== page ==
|Photo by Jorge Lucero on Flickr|
We’ve all heard this before – you can’t change the genes you were born with…or can you? Impossible as it may sound many researchers have been trying to do just that. The field is called gene therapy and it involves “correcting” your existing genes to prevent or treat illness. Think of it as cutting-and-pasting new instructions into your body’s existing user manual.
So, how do researchers go about altering what your parents gave you? They first have to determine which gene(s) need to be changed. One ambitious attempt currently involves lessening the effects of infections such as HIV. In this case, the virus enters some of your healthy blood cells through specific receptors. These receptors are essentially designated guest entrances, just for the HIV virus. The obvious solution? Get rid of these entryways so the virus can’t get into your healthy cells.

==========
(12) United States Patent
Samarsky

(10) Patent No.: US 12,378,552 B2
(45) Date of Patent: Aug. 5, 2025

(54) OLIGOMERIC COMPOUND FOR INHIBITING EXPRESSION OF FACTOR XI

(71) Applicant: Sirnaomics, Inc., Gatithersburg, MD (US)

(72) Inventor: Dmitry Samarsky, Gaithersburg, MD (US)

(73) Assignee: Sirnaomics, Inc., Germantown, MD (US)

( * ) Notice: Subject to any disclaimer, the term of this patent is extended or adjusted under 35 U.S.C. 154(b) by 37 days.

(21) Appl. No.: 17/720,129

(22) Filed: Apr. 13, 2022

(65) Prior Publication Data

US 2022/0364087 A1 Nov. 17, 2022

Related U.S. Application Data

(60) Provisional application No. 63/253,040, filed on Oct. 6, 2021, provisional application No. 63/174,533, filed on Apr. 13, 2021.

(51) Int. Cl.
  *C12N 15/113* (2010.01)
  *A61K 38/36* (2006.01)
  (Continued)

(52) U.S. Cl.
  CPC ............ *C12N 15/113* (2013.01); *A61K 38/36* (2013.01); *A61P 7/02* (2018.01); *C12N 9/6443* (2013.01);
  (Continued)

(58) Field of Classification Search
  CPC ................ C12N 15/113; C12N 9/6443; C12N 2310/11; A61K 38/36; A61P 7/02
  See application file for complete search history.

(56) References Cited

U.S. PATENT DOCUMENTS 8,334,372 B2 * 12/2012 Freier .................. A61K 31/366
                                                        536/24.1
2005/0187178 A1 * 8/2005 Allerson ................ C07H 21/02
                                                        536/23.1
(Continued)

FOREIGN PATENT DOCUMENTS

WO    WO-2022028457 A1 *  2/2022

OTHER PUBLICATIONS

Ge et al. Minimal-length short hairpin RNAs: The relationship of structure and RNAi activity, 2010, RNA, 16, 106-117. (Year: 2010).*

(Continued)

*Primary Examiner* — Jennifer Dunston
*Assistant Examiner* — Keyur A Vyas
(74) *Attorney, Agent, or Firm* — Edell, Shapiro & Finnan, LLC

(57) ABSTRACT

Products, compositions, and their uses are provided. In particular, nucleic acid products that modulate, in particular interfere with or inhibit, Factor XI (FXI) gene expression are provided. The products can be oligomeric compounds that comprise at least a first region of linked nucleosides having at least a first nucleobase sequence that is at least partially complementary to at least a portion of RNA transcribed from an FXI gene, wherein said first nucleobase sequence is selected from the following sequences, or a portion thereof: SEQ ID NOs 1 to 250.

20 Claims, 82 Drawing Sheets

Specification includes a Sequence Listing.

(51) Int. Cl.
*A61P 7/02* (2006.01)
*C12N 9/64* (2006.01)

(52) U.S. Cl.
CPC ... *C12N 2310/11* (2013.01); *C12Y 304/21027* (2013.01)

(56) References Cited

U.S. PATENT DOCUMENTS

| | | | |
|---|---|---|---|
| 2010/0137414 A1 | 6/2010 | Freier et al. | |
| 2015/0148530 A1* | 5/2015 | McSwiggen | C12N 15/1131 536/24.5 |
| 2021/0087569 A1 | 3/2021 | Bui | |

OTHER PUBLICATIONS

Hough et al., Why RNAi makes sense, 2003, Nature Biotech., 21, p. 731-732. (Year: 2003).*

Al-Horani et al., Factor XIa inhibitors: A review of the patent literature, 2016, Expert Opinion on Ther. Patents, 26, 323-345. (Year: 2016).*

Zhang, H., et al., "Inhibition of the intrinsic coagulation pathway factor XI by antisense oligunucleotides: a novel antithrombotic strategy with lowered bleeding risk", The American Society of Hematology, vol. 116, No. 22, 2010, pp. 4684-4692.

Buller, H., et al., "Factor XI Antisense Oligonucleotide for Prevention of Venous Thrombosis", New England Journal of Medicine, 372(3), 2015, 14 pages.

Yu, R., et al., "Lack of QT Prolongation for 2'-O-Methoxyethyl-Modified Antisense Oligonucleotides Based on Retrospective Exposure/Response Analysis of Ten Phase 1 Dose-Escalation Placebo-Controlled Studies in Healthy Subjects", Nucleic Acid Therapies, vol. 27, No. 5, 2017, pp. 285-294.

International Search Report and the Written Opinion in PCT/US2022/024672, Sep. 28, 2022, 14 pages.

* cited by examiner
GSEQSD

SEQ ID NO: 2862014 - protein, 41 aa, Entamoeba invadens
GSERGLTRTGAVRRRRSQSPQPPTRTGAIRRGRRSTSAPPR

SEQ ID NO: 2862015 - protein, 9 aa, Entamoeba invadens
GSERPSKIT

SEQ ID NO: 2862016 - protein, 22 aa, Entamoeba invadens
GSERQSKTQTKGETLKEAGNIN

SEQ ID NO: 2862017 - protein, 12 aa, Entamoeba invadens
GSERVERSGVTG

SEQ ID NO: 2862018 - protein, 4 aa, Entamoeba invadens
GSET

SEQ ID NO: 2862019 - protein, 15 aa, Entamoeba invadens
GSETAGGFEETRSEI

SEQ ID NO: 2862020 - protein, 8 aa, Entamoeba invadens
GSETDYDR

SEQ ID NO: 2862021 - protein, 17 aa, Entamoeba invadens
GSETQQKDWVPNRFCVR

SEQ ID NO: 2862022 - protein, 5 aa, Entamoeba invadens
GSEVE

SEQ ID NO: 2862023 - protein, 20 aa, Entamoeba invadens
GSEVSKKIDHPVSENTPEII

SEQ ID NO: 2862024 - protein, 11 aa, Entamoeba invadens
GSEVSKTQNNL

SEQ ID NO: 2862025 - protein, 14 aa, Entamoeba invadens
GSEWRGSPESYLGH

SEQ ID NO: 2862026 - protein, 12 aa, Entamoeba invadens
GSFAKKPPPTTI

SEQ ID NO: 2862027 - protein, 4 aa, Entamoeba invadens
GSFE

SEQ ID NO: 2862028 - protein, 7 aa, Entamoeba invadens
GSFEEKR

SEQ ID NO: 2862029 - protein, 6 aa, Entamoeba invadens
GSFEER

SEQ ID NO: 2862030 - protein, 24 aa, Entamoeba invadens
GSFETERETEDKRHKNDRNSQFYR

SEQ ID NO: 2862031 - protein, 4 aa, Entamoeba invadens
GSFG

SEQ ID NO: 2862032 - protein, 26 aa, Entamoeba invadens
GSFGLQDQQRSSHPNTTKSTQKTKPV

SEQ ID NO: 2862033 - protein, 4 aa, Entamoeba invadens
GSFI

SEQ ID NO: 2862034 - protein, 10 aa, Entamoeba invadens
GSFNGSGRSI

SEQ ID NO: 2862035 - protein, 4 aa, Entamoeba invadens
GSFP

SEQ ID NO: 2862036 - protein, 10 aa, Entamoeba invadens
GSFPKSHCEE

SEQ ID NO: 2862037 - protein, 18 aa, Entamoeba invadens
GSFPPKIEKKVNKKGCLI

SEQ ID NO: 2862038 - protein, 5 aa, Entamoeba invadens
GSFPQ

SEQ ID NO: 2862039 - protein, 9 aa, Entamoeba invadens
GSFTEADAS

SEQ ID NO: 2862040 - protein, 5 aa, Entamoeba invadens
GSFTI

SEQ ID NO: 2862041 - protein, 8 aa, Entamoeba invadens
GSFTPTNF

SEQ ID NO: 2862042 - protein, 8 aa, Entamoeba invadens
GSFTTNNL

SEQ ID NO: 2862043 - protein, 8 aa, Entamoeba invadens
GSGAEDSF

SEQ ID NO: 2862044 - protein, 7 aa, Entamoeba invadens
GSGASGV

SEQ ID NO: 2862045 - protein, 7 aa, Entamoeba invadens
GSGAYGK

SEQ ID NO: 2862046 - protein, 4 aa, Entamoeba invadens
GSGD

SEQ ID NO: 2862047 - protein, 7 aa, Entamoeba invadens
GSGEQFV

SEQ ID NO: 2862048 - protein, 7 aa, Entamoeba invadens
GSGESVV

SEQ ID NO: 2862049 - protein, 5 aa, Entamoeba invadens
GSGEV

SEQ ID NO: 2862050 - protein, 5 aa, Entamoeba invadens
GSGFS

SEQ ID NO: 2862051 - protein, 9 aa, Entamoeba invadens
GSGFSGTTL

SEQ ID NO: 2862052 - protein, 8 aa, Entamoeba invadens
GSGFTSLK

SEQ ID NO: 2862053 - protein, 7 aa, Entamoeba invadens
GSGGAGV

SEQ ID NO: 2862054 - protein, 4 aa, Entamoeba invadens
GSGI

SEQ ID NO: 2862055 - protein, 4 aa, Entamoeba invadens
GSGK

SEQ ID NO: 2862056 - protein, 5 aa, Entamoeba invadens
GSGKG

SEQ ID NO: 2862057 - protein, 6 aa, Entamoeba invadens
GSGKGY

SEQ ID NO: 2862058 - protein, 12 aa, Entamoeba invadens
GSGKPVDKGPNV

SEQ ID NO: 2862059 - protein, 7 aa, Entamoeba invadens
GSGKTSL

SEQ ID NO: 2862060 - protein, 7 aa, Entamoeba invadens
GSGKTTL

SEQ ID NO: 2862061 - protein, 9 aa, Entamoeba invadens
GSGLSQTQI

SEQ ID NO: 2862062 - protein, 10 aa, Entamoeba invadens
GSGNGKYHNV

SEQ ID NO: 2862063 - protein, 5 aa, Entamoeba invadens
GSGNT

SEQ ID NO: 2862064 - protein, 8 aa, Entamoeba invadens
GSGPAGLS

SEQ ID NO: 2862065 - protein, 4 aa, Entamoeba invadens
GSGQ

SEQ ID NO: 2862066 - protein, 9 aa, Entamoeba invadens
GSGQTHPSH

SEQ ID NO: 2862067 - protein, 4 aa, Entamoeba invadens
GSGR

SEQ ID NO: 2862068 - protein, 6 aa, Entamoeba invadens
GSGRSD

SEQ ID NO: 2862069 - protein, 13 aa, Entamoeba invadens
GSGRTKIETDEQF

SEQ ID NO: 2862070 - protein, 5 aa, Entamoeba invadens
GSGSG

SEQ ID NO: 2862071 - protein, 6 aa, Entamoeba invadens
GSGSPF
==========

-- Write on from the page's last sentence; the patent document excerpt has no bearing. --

Again, the key is to remove the cell’s instructions on how to make these entryways. In clinical trials, scientists are using DNA-cutting scissors, to delete these instructions. No more instructions, no more entryway for HIV viruses. If the virus can’t get in, your cells can’t get sick. Once perfected, this technique could be used not only to prevent illness, but help sick people recover.